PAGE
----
• nephrotoxic
  • 16. Dr. Anain’s diagnostics
    • Carotid duplex
    • If the patient is at moderate risk for Carotid Artery Endarterectomy then a MRA/CTA
    • If the patient is high risk for Carotid Artery Endarterectomy then: Carotid Angiogram
  • 17. Treatment Modalities
    • Medical Therapy
    • Carotid Endarterectomy (CEA)
    • Carotid Artery Stenting (CAS)
  • 18. Medical Treatment
    • To reduce the risk of future stroke:
    • Control hypertension, diabetes, and weight
    • Stop smoking
    • Lower cholesterol
    • Increase exercise
  • 19. Medical Treatment
    • Serial carotid duplex ultrasounds to monitor the disease
    • Antiplatelet – Aspirin, Plavix
    • Anticoagulation – coumadin
    • Statin
  • 20. CEA – Carotid Endarterectomy
    • To reduce the risk of stroke
    • Surgically remove plaque
    • Arteriotomy at the stenotic section of the carotid
    • Plaque is manually removed
    • Closure of arteriotomy
  • 21. CEA Advantages
    • Proven effective in low surgical risk patients
    • Safe and effective (with an experienced surgeon)
    • Decreases the risk of stroke
  • 22. CEA - Disadvantages
    • Surgery and neck incision therefore longer recovery time
    • Risk with general anesthesia
    • Potential for emboli and cause stroke
    • Cranial nerve palsy (X and XII)
    • Infection
    • Unproven indication in high surgical risk candidates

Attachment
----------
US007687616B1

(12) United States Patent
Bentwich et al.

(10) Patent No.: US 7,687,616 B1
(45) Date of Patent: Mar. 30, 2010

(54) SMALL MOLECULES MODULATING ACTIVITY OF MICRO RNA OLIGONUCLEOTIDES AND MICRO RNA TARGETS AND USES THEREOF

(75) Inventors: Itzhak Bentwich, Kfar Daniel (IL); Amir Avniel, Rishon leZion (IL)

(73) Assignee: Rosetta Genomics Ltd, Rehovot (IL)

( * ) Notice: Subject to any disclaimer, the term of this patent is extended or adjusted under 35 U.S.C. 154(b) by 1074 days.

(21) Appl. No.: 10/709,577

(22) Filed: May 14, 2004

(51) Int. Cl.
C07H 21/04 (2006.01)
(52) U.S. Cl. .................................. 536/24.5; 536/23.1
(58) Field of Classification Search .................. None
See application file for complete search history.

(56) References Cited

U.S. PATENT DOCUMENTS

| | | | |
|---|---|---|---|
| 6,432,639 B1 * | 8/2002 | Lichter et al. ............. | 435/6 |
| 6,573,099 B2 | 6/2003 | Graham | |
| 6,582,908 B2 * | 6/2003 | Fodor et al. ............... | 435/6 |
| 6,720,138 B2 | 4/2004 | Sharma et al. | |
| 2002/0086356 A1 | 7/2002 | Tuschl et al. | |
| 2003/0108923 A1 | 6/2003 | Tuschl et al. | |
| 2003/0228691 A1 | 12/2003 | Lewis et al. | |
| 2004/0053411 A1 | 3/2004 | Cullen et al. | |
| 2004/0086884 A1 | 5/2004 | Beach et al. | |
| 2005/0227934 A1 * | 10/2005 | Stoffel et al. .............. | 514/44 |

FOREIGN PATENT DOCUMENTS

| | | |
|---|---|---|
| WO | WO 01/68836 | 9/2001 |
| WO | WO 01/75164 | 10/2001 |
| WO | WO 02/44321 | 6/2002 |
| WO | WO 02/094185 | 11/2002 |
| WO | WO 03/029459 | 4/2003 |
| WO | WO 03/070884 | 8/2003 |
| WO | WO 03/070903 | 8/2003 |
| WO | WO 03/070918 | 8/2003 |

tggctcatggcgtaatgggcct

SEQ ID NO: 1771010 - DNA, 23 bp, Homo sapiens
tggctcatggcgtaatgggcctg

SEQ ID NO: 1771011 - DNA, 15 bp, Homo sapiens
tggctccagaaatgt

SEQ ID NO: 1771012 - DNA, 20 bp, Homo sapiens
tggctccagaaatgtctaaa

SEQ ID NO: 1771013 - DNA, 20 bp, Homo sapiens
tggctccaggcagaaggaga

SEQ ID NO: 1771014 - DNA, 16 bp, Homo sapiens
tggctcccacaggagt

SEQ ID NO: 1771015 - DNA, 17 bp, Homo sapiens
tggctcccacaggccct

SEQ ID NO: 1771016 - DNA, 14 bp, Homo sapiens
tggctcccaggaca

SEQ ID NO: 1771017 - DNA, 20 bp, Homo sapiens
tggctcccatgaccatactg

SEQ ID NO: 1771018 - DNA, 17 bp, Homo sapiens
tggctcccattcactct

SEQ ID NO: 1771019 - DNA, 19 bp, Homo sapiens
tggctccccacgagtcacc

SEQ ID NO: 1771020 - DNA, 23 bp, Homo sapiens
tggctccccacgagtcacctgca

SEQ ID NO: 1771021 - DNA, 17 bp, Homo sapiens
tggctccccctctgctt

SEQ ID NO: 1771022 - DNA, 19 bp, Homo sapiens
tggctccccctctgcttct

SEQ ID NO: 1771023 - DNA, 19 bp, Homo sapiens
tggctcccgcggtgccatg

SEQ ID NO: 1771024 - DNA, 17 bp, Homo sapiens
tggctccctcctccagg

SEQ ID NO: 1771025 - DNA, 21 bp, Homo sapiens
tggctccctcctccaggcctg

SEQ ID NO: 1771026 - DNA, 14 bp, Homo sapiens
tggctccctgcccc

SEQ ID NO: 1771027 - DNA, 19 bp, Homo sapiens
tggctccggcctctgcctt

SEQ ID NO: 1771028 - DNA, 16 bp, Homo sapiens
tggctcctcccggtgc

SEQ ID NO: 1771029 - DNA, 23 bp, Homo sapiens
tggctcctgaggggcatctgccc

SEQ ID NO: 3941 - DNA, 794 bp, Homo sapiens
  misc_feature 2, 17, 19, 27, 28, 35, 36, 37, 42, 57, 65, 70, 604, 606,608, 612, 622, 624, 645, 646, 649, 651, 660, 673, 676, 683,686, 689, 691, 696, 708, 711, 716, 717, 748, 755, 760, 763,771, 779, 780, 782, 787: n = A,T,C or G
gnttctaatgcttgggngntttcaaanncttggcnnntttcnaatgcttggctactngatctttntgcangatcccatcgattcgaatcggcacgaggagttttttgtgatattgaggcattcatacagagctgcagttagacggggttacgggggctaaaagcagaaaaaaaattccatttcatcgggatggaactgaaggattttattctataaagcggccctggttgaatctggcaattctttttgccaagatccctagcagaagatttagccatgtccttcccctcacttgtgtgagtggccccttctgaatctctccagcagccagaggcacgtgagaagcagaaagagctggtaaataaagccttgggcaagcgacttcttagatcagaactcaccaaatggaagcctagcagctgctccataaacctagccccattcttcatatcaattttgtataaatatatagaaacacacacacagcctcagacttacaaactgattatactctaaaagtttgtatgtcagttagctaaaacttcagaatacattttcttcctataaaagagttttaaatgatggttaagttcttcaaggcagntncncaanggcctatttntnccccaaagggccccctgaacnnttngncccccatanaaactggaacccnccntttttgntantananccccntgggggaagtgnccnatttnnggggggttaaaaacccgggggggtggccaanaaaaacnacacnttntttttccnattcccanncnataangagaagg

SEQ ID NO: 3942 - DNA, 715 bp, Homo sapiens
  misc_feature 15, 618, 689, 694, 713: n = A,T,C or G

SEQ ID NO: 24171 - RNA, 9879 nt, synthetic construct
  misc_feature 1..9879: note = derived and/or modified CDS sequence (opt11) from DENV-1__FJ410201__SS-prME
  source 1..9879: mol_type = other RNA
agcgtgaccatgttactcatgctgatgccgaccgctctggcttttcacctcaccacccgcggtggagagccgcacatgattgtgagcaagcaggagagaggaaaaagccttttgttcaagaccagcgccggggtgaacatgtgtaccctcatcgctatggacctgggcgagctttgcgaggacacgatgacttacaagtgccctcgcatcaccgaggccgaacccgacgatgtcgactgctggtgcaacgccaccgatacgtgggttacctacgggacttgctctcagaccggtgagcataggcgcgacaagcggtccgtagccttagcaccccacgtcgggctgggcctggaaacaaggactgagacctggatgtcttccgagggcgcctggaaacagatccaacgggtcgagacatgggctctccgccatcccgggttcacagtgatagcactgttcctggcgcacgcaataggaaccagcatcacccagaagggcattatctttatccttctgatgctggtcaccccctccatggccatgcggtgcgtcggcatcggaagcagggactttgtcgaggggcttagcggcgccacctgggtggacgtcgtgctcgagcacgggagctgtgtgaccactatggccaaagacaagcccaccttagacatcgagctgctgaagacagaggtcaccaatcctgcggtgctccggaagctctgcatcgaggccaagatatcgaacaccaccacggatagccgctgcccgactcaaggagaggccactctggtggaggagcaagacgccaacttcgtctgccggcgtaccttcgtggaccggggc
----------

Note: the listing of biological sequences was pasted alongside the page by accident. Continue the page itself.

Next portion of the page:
• 23. CAS – Carotid Artery Stenting
    • Endovascular stent placement via stab wound in the groin
    • For plaque stabilization to reduce the risk of future stroke
  • 24. CAS
    • Use of embolic protection placed in carotid artery to reduce the chance of peri-procedure complications (throwing a clot into brain)
    • Placement of a self-expanding stent to trap or exclude the plaque
    • Devices (embolic protection) and catheters are removed while the stent remains and the access site (groin) bleeding is managed with a vascular closure device in the wound and a pressure dressing
  • 25. CAS - Advantages
    • If patient has contraindication for a CEA (already had a CEA, multiple diseases and a high surgical risk)
    • Stabilizes the plaque to minimize risk of embolization
    • Avoids the risk of cranial nerve damage
    • Does not require general anesthesia
    • Option for patients
  • 26. CAS - Disadvantages
    • Potential for embolization resulting in stroke
    • Not all patients are suitable for stenting:
    • Severe aortic arch and supra-aortic vessel tortuosity
    • Thrombus
    • String sign present
    • Patients with very long & severe lesions
    • Heavy all around calcification of the artery
  • 27. Carotid Endarterectomy-outcomes
    • Adequate cerebral blood flow
    • Pain controlled
    • Evidence of normal wound healing
    • Know ways to slow the progression of atherosclerosis
    • Know S&S to report
    • Understand follow-up care
  • 28. Nursing Diagnoses
    • Pre-op ineffective cerebral perfusion
    • Post-op potential complications: cerebral ischemia, respiratory distress, cranial nerve damage (facial VII, hypoglossal XII, glossopharyngeal IX, Vagus X, Accessory XI)
    • Deficient knowledge, ineffective therapeutic regimen management, or ineffective health maintenance
  • 29. Nursing DX: Ineffective Tissue Perfusion Cerebral
    • Partial or complete occulsion of the carotid artery by atherosclerotic plaque and/or thrombus
    • A cerebral embolus associated with dislodgment of atherosclerotic plaque or a thrombus from the carotid artery
  • 30. Nursing DX: Ineffective Tissue Perfusion Cerebral – Desired Outcome
    • Maintain adequate cerebral tissue perfusion as evidenced by:
    • Mentally alert and orientates
    • Absence of dizziness, visual disturbances, and speech impairments
    • Normal motor and sensory function
  • 31. Report Symptoms of Carotid Artery Occlusion and/or cerebral embolization
    • Agitation
    • Lethargy
    • Confusion